What is the meaning of Tu b'Shevat?
Please include references as I'm preparing a long drosh for next month.
Great answer, mama. The next step is to internalize the metaphor into something that we can use for personal transformation.
- ✡mama pajama✡Lv 71 decade agoFavorite Answer
The following article I wrote to share with the youth and families of my own small Jewish community last year for Tu B'Shevat Of course the quotes are not my own words and there are passages I've paraphrased from perhaps dozens of resources I've read over the decades. I've looked at a number of pages on the Internet and none of them fit what I was looking for to present to my own child, so I wrote this with him in mind and then figured it might be of help to others.
TuB’Shevat – The New Year Of the Trees
What exactly does Tu B’Shevat, the New Year of the Trees mean? Does this mean that we as Jews celebrate birthdays for trees? Do we think trees celebrate holidays of their own? Do we count the years by the trees?
Here we shall explore just what Tu B’ Shevat means, how it all started, and some of the ways this holiday has changed over history within Judaism. While there have been changes in how it is observed and what we do to mark this time, over the years the focus of Tikkun Olam, or Repair of the World can be found in each age and way of celebration. It can connect you to our past, the future, each other, the land we live in here in Arkansas, the land of Eretz Yisrael, and our lives here as Jews in an example of living as a light unto the nations.
The name of the holiday is literally the 15th of Shevat. The word “ Tu” is not really a word; it is the number 15 in Hebrew, as if you were to call the Fourth of July, “IVJuly”. (IV being 4 in Roman numerals) The 15th of Shevat was marked as the New Year for calculating the age of trees for tithing. Before the destruction of the Temple in Jerusalem in 70 C.E., ten percent of all produce was set aside for the support of the priests of the Temple and the poor. The 15th of Shevat determines the end of the “fiscal year” for trees for the purpose of tithing it’s fruit; fruit that had flowered prior to the 15th of Shevat was taxed for tithe for the previous year, fruit that blossomed after, for the following year. In the Torah (Lev. 19:23 –25) we learn that fruit from trees that were grown in the land of Israel may not be eaten during the first three years; the fourth year’s fruit is for God and after that the fruit can be eaten. Each tree is considered to have aged one year as of Tu B’Shevat no matter when in the year it is planted.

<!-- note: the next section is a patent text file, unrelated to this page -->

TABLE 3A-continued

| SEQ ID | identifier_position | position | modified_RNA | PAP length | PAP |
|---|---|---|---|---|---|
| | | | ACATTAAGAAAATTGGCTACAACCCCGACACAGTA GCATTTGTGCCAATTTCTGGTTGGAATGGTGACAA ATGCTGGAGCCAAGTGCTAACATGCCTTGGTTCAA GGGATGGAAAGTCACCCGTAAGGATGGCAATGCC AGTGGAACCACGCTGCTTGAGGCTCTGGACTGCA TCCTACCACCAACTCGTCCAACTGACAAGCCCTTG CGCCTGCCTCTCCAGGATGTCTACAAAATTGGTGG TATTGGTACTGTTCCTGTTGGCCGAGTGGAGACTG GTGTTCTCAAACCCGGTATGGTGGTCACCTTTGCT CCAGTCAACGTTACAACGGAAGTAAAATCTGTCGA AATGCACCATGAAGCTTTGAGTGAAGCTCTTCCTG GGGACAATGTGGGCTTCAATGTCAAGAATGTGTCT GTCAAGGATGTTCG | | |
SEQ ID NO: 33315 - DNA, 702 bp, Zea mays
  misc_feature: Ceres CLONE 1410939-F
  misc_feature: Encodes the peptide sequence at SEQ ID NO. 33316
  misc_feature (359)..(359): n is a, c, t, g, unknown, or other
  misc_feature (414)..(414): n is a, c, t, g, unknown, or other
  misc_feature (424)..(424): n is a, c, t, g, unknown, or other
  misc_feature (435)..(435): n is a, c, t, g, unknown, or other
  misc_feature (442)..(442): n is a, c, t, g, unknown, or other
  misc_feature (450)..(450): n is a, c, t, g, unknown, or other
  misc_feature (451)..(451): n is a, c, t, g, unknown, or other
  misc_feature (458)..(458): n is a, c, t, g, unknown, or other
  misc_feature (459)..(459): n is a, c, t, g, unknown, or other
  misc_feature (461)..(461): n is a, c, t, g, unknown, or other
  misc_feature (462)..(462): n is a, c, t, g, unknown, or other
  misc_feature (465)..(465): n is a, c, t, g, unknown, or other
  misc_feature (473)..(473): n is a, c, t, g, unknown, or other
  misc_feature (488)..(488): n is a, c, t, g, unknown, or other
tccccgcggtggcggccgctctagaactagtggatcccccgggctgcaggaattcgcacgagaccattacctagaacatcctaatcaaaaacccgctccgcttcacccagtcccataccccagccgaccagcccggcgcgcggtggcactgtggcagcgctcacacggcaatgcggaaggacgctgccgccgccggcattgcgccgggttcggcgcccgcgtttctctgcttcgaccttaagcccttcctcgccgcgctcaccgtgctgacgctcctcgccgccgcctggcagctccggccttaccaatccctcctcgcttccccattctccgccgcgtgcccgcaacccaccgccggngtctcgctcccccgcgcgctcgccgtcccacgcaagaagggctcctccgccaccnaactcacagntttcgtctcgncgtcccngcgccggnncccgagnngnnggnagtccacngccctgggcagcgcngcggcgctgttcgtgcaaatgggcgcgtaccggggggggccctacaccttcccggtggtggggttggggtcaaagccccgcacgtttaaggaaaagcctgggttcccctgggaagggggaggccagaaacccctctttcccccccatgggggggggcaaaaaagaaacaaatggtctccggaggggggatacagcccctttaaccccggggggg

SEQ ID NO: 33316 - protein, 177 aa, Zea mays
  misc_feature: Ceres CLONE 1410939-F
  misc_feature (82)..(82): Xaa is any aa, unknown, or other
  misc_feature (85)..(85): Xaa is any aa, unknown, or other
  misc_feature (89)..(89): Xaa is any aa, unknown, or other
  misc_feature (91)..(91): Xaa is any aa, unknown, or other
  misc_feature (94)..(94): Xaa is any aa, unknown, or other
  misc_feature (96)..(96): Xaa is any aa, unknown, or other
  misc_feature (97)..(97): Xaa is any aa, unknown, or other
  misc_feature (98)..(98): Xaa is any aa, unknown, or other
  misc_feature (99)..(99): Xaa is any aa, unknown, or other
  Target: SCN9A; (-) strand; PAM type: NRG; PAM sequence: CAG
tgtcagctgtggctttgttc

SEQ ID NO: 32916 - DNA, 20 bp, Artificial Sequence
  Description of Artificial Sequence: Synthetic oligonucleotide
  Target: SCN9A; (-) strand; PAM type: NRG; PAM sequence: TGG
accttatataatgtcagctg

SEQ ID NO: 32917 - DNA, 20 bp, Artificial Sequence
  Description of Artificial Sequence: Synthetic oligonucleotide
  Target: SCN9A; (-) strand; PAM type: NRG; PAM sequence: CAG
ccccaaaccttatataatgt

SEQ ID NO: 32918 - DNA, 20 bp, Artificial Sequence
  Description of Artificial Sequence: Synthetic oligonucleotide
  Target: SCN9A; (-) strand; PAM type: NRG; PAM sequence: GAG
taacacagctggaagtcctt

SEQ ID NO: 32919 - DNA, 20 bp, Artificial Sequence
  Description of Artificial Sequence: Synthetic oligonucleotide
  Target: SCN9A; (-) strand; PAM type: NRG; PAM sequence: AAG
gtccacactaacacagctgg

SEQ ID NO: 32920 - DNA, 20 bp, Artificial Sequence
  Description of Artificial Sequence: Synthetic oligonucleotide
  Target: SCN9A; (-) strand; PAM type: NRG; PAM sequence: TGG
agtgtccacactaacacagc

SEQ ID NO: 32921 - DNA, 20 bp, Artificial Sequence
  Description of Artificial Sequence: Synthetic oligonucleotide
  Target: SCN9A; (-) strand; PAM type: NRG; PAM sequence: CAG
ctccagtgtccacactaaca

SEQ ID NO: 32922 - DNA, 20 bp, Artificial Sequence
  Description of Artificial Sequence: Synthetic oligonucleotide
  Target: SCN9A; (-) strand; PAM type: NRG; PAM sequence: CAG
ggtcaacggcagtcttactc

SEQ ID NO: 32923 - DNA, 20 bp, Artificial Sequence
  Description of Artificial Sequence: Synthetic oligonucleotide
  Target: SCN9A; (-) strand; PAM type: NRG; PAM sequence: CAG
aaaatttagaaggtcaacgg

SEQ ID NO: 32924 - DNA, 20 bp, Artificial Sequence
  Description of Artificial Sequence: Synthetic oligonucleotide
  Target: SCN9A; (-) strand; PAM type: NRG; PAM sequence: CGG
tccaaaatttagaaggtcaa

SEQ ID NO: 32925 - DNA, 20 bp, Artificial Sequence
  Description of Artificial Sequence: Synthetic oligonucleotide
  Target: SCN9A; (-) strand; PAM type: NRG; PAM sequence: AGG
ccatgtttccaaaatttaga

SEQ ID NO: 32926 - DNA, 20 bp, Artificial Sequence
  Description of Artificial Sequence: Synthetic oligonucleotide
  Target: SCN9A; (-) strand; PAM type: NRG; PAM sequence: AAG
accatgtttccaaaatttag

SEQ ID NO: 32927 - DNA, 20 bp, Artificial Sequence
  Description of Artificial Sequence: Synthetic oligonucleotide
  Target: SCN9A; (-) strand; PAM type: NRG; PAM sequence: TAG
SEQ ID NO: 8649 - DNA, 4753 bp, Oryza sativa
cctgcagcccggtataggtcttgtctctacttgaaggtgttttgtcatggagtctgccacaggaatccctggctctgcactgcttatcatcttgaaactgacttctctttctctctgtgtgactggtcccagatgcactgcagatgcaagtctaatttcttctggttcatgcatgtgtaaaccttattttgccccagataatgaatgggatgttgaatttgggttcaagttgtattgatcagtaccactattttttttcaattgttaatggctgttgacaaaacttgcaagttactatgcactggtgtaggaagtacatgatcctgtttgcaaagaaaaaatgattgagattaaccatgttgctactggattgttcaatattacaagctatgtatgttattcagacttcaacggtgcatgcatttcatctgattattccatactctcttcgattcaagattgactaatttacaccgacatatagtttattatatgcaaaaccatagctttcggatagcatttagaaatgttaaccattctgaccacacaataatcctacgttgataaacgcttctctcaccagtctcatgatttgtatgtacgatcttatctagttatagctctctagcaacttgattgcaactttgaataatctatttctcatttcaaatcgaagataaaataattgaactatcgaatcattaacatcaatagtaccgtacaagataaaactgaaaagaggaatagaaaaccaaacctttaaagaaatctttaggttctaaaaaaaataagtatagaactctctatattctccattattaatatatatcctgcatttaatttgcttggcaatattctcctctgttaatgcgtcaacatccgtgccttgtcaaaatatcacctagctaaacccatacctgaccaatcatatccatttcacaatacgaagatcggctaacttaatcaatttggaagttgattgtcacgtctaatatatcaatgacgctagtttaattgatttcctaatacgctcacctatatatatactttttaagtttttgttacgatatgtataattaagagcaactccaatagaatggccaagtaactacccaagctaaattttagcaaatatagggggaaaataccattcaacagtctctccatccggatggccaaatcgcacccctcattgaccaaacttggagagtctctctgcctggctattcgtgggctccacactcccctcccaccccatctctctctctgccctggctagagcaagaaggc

"For the Lord G-d shall lead you into the good land, a land of flowing water... The land of wheat and barley, the vine and fig and pomegranate, a land of the olive tree and honey"
Deuteronomy 8, 7-8
These seven fruits of the land of Israel are blessed in Torah: wheat, barley, grapes, figs, pomegranates, olives, and dates. It has become custom to partake of these foods to celebrate Tu B’Shevat.
There is no mention of the day Tu B’Shevat in Torah, but here in this passage in Mishnah, the only reference to it there we see, note that it wasn’t always universally marked on the 15th by all of Israel; there had been early debate:
And there are four New Year dates: - The first of Nissan - New Year for kings and festivals - The first of Ellul - New Year for animal tithes. Rabbi Elazar and Rabbi Shimon say: the first of Tishrei. - The first of Tishrei- new year for calculation of the calendar, sabbatical years and jubilees, for planting and sowing - The first of Shvat - new year for trees, according to the school of Shamai;
The school of Hillel say: the fifteenth of Shvat."
Mishna "Rosh Hashana", Ch.1, Mishna 1
After much debate between the two schools of thought, it is apparent that the Hillel school’s observance became the custom. The reasoning mentioned for this decision was based on the conclusion that the fifteenth of the month of Shevat is the marginal date when the rains from the previous year cease to irrigate the trees and they are benefiting from the new rains.
The festival of Tu B’Shevat began in Israel, where its main customs and traditions developed. When Israel was conquered and the Jewish people went into exile, through observance of Tu B’Shevat they symbolically carried with them throughout their wanderings Eretz Israel itself and the memory of its fruits and trees The customs of Tu B’Shevat most visibly demonstrate the love of the land of Israel of the Jewish people.
In addition to partaking of the fruits of the land of Israel, the Torah gave us the custom of planting trees for Tu B’Shevat to honor the land based on this passage:
"And when you enter this land, you shall plant fruit-bearing trees..."
Other related passages from our sages teach: "The Holy One, blessed be He, occupied Himself with planting immediately after Creation of the world. For it is specifically written: "And the Lord G-d planted a garden in Eden". So shall you also, when you enter the land of Israel, first of all occupy yourself in planting."
Vayikra Rabba 25
“ If you have a sapling in your hand, ready to plant, and the Mosiach comes, plant the tree first and then go to greet him” - Rabbi Yochanan Ben Zakkai
Also, in ancient days, there was a custom of planting a cedar tree for a baby boy and a cypress tree for a baby girl. As the children grew, they tended the trees, and the trees grew along with the children. When they married, they often used the wood for the poles in their chuppah. This carried the tradition for loving trees from generation to generation in a concrete and loving way.